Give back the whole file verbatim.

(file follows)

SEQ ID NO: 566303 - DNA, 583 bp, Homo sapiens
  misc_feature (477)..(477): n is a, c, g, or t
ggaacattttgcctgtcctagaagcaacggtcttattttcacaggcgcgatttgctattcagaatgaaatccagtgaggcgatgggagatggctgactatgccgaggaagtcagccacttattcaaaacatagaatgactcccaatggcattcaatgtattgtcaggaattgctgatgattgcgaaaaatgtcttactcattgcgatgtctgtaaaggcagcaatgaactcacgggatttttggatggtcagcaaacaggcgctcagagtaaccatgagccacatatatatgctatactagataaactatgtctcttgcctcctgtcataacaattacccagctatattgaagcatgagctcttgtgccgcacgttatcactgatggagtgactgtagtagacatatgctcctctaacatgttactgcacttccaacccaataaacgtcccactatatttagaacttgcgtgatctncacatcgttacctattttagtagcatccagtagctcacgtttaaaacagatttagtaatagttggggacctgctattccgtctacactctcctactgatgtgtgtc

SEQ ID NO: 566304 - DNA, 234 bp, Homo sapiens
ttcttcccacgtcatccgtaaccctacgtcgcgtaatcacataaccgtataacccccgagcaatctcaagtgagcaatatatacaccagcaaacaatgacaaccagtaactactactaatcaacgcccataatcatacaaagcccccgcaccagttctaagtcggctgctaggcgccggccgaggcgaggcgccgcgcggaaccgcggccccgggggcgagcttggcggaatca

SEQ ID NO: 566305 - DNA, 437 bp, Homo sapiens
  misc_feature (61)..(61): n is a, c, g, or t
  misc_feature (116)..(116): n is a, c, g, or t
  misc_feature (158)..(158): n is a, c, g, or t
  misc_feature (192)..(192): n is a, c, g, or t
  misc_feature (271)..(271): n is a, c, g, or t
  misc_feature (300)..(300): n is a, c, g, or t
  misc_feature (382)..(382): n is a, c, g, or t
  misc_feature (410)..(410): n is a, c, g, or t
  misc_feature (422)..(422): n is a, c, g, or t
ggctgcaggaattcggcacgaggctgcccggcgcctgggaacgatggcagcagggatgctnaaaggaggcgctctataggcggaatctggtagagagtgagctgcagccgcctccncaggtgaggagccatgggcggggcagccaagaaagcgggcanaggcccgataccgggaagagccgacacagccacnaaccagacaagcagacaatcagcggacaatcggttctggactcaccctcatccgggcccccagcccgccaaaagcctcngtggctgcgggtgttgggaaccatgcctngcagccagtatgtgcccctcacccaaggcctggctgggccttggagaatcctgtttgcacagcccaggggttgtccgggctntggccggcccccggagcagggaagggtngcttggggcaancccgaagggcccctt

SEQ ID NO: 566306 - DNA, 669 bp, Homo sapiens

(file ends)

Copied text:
SEQ ID NO: 566303 - DNA, 583 bp, Homo sapiens
  misc_feature (477)..(477): n is a, c, g, or t
ggaacattttgcctgtcctagaagcaacggtcttattttcacaggcgcgatttgctattcagaatgaaatccagtgaggcgatgggagatggctgactatgccgaggaagtcagccacttattcaaaacatagaatgactcccaatggcattcaatgtattgtcaggaattgctgatgattgcgaaaaatgtcttactcattgcgatgtctgtaaaggcagcaatgaactcacgggatttttggatggtcagcaaacaggcgctcagagtaaccatgagccacatatatatgctatactagataaactatgtctcttgcctcctgtcataacaattacccagctatattgaagcatgagctcttgtgccgcacgttatcactgatggagtgactgtagtagacatatgctcctctaacatgttactgcacttccaacccaataaacgtcccactatatttagaacttgcgtgatctncacatcgttacctattttagtagcatccagtagctcacgtttaaaacagatttagtaatagttggggacctgctattccgtctacactctcctactgatgtgtgtc

SEQ ID NO: 566304 - DNA, 234 bp, Homo sapiens
ttcttcccacgtcatccgtaaccctacgtcgcgtaatcacataaccgtataacccccgagcaatctcaagtgagcaatatatacaccagcaaacaatgacaaccagtaactactactaatcaacgcccataatcatacaaagcccccgcaccagttctaagtcggctgctaggcgccggccgaggcgaggcgccgcgcggaaccgcggccccgggggcgagcttggcggaatca

SEQ ID NO: 566305 - DNA, 437 bp, Homo sapiens
  misc_feature (61)..(61): n is a, c, g, or t
  misc_feature (116)..(116): n is a, c, g, or t
  misc_feature (158)..(158): n is a, c, g, or t
  misc_feature (192)..(192): n is a, c, g, or t
  misc_feature (271)..(271): n is a, c, g, or t
  misc_feature (300)..(300): n is a, c, g, or t
  misc_feature (382)..(382): n is a, c, g, or t
  misc_feature (410)..(410): n is a, c, g, or t
  misc_feature (422)..(422): n is a, c, g, or t
ggctgcaggaattcggcacgaggctgcccggcgcctgggaacgatggcagcagggatgctnaaaggaggcgctctataggcggaatctggtagagagtgagctgcagccgcctccncaggtgaggagccatgggcggggcagccaagaaagcgggcanaggcccgataccgggaagagccgacacagccacnaaccagacaagcagacaatcagcggacaatcggttctggactcaccctcatccgggcccccagcccgccaaaagcctcngtggctgcgggtgttgggaaccatgcctngcagccagtatgtgcccctcacccaaggcctggctgggccttggagaatcctgtttgcacagcccaggggttgtccgggctntggccggcccccggagcagggaagggtngcttggggcaancccgaagggcccctt

SEQ ID NO: 566306 - DNA, 669 bp, Homo sapiens